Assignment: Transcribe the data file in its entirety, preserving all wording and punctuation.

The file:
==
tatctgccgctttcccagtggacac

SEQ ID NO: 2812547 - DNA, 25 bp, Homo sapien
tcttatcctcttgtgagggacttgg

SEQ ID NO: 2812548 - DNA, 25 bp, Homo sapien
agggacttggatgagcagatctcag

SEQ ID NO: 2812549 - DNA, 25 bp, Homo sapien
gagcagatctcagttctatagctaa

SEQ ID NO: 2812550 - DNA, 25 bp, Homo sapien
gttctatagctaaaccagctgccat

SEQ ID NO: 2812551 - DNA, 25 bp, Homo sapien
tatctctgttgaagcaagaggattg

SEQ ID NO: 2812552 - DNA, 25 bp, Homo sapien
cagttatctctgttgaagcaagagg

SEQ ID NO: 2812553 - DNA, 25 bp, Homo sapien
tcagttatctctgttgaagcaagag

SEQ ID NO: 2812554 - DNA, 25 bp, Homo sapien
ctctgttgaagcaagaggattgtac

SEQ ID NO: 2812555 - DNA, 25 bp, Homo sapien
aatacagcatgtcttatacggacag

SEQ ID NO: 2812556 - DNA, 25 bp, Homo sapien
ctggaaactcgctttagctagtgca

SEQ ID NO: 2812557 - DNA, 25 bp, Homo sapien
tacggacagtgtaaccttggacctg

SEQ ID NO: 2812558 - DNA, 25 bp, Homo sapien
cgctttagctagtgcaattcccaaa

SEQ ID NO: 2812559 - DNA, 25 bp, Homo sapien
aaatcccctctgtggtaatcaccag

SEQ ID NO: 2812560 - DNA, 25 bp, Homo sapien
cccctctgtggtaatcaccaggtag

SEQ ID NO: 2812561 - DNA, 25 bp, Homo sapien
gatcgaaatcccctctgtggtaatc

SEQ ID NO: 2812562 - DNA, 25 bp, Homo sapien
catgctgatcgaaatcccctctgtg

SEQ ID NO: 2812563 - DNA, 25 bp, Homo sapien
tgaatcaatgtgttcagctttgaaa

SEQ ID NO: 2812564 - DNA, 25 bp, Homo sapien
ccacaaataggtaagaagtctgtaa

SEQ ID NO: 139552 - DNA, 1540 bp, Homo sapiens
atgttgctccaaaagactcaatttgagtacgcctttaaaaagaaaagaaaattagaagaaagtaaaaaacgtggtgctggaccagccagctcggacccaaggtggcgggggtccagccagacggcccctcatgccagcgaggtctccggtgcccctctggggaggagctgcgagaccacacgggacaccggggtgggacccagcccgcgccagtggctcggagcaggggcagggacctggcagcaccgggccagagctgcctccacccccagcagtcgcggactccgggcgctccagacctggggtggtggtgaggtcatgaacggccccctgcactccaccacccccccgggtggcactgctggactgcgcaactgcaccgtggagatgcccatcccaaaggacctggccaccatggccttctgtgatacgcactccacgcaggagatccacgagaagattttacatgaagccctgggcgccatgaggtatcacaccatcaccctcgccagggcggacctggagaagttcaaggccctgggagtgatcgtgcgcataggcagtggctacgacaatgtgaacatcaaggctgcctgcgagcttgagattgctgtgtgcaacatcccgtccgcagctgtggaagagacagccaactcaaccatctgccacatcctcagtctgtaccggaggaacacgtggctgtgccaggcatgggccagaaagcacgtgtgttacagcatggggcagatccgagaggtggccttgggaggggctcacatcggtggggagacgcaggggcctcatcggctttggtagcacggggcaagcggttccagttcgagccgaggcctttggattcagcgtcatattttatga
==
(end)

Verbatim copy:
tatctgccgctttcccagtggacac

SEQ ID NO: 2812547 - DNA, 25 bp, Homo sapien
tcttatcctcttgtgagggacttgg

SEQ ID NO: 2812548 - DNA, 25 bp, Homo sapien
agggacttggatgagcagatctcag

SEQ ID NO: 2812549 - DNA, 25 bp, Homo sapien
gagcagatctcagttctatagctaa

SEQ ID NO: 2812550 - DNA, 25 bp, Homo sapien
gttctatagctaaaccagctgccat

SEQ ID NO: 2812551 - DNA, 25 bp, Homo sapien
tatctctgttgaagcaagaggattg

SEQ ID NO: 2812552 - DNA, 25 bp, Homo sapien
cagttatctctgttgaagcaagagg

SEQ ID NO: 2812553 - DNA, 25 bp, Homo sapien
tcagttatctctgttgaagcaagag

SEQ ID NO: 2812554 - DNA, 25 bp, Homo sapien
ctctgttgaagcaagaggattgtac

SEQ ID NO: 2812555 - DNA, 25 bp, Homo sapien
aatacagcatgtcttatacggacag

SEQ ID NO: 2812556 - DNA, 25 bp, Homo sapien
ctggaaactcgctttagctagtgca

SEQ ID NO: 2812557 - DNA, 25 bp, Homo sapien
tacggacagtgtaaccttggacctg

SEQ ID NO: 2812558 - DNA, 25 bp, Homo sapien
cgctttagctagtgcaattcccaaa

SEQ ID NO: 2812559 - DNA, 25 bp, Homo sapien
aaatcccctctgtggtaatcaccag

SEQ ID NO: 2812560 - DNA, 25 bp, Homo sapien
cccctctgtggtaatcaccaggtag

SEQ ID NO: 2812561 - DNA, 25 bp, Homo sapien
gatcgaaatcccctctgtggtaatc

SEQ ID NO: 2812562 - DNA, 25 bp, Homo sapien
catgctgatcgaaatcccctctgtg

SEQ ID NO: 2812563 - DNA, 25 bp, Homo sapien
tgaatcaatgtgttcagctttgaaa

SEQ ID NO: 2812564 - DNA, 25 bp, Homo sapien
ccacaaataggtaagaagtctgtaa

SEQ ID NO: 139552 - DNA, 1540 bp, Homo sapiens
atgttgctccaaaagactcaatttgagtacgcctttaaaaagaaaagaaaattagaagaaagtaaaaaacgtggtgctggaccagccagctcggacccaaggtggcgggggtccagccagacggcccctcatgccagcgaggtctccggtgcccctctggggaggagctgcgagaccacacgggacaccggggtgggacccagcccgcgccagtggctcggagcaggggcagggacctggcagcaccgggccagagctgcctccacccccagcagtcgcggactccgggcgctccagacctggggtggtggtgaggtcatgaacggccccctgcactccaccacccccccgggtggcactgctggactgcgcaactgcaccgtggagatgcccatcccaaaggacctggccaccatggccttctgtgatacgcactccacgcaggagatccacgagaagattttacatgaagccctgggcgccatgaggtatcacaccatcaccctcgccagggcggacctggagaagttcaaggccctgggagtgatcgtgcgcataggcagtggctacgacaatgtgaacatcaaggctgcctgcgagcttgagattgctgtgtgcaacatcccgtccgcagctgtggaagagacagccaactcaaccatctgccacatcctcagtctgtaccggaggaacacgtggctgtgccaggcatgggccagaaagcacgtgtgttacagcatggggcagatccgagaggtggccttgggaggggctcacatcggtggggagacgcaggggcctcatcggctttggtagcacggggcaagcggttccagttcgagccgaggcctttggattcagcgtcatattttatga